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EAC set for major trade boost in new cargo system

The Star, Kenya

EAC set for major trade boost in new cargo system

By Martin Mwita

2 January 2016

Trade within East Africa Trade will receive a boost this year with the implementation of the cargo pre-clearance system at the port of Mombasa by the Kenya Revenue Authority.

The system which came in place yesterday allows importers to clear goods before they arrive in the country, a move expected to improve port efficiency and delivery of imports in the region.

Under the system, importers can now lodge clearing documents and process them up to seven days before arrival of a vessel.

It is expected to reduce container dwell time currently averaged at 5.1 days against 3.6 days in 2014.

Kenya Ports Authority managing director Gichiri Ndua last month attributed the change to the introduction of the Single Customs Territory, which provides for assessment and collection of taxes for goods at the port of entry.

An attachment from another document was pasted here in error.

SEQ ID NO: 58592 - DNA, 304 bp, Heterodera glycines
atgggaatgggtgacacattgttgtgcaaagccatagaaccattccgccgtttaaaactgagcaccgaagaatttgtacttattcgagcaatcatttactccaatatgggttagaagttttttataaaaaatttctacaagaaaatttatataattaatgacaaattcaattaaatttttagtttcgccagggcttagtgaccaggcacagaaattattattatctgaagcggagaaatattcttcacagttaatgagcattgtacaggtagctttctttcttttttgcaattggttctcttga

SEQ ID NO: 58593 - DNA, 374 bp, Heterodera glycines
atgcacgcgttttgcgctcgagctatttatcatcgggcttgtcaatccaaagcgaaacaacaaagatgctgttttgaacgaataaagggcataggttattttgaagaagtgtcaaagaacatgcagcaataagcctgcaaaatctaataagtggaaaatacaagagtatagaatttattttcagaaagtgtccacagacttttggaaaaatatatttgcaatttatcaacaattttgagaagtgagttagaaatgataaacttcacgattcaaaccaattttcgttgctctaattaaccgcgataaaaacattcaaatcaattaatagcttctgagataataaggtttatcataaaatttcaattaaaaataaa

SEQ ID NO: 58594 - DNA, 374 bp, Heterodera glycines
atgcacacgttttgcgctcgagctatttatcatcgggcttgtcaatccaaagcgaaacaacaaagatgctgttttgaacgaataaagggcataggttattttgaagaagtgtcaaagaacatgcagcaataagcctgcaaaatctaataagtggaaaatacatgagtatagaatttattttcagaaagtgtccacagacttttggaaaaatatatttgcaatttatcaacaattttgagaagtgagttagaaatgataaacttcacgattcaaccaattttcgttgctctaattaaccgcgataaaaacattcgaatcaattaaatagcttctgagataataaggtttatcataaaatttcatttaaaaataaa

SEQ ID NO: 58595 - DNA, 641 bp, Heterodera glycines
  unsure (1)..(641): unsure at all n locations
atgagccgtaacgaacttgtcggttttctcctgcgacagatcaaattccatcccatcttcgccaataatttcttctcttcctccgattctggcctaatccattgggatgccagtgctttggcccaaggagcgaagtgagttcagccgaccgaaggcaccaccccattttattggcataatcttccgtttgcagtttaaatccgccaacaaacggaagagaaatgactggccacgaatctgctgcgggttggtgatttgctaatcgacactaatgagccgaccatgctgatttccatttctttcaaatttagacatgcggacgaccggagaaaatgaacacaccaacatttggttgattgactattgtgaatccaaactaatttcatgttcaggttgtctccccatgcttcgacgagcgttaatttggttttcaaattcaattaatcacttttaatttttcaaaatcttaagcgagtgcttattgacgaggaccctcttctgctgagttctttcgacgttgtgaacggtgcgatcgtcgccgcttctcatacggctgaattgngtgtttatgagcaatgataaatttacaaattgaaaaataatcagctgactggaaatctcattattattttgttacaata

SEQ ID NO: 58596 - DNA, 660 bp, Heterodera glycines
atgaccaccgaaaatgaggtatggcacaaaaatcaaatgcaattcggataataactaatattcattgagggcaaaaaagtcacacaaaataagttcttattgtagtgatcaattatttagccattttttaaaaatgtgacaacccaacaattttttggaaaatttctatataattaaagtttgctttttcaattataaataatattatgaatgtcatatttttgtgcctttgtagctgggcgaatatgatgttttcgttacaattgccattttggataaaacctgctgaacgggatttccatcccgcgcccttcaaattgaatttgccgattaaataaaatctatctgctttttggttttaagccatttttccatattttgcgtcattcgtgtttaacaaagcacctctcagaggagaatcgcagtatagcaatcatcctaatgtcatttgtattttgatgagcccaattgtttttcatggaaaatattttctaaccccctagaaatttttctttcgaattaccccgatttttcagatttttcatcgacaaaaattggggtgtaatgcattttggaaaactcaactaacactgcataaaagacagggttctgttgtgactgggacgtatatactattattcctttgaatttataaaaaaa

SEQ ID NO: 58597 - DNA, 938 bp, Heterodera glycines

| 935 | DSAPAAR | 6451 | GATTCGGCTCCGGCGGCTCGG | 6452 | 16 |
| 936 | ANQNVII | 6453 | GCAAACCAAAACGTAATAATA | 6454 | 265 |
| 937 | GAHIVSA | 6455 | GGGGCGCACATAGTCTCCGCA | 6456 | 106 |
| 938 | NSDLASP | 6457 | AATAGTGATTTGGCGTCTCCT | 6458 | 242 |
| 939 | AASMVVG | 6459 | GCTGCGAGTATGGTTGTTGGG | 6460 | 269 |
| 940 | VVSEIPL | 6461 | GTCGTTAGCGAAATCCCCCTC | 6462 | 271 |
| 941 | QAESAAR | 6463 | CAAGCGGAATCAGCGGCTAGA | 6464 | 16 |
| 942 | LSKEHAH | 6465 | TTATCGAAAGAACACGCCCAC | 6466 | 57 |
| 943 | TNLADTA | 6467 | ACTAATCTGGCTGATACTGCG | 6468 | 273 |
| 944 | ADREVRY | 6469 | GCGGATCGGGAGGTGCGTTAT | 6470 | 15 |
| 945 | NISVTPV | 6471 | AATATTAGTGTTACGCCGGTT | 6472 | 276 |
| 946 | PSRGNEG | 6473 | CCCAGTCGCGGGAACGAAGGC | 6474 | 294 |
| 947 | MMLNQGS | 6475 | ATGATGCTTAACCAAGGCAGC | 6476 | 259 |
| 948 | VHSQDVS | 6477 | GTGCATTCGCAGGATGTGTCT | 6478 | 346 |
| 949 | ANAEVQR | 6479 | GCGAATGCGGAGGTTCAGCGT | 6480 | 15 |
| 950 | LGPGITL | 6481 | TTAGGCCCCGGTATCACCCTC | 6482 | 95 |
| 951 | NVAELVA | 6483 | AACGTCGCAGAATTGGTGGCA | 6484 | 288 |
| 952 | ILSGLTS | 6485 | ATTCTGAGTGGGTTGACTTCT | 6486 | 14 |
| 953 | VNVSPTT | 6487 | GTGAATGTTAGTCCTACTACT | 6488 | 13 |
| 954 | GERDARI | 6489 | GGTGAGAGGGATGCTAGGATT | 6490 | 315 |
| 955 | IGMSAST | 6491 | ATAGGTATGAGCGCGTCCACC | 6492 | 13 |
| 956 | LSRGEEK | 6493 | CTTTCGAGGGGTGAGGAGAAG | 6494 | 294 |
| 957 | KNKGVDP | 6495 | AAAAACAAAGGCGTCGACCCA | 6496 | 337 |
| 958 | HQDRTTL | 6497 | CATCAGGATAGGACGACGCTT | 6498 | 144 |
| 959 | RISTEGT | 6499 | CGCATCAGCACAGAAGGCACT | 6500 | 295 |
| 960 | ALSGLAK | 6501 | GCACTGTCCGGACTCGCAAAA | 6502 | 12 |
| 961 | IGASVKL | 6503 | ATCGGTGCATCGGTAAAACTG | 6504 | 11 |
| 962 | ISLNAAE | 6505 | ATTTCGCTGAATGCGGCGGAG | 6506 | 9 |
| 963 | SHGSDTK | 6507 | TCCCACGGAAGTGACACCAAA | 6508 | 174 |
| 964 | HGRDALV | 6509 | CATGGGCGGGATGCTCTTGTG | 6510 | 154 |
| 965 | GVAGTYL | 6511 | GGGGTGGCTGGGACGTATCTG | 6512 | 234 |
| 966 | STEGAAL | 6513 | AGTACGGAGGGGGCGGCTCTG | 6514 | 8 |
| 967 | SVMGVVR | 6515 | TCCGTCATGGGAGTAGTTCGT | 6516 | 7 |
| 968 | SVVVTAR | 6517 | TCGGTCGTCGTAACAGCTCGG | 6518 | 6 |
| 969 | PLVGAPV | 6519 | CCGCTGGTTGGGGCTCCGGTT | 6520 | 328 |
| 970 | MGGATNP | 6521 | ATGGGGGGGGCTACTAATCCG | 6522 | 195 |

"The Single Customs Territory has had issues of continued human intervention resulting in slow down of documentation processes,” Ndua said at a stakeholders forum.

It has however reduced the cost of clearing cargo and of transport along the Northern Corridor by 30 per cent, according to KRA’s commissioner general, John Njiraini.

KRA is now pushing the pre-clearance system after it failed to take off in 2014, blamed on “importers’ failure to embrace the system,”

Importers must however comply with the new import standard rules under the Pre-Export Verification of Conformity to Standards programme.

This include a certificate of conformity issued by Kenya Bureau of Standards appointed inspection agents, prior to loading, failure to which they will have their cargo shipped back to country of origin.

The move is aimed at curbing sub-standard goods and tax leakages as the tax man seeks to meet a revenue target of Sh1.253 trillion this financial.

Pre-clearance is expected to save importers from demurrage charges, incurred after cargo overstays at the port.

Under the Kenya Ports Authority tariffs, domestic and transit cargo are awarded four and nine free storage days respectively.

A 20-foot container then attracts a charge of $3 (Sh306) per day for the first three days after expiry of the free storage. Four to 14 days attract a charge of $35(Sh3,579) which then increases to $40(4,091). The cost is double for a 40-foot container.

Intra-EAC trade is currently estimated at around $6 billion (Sh.613.7 billion).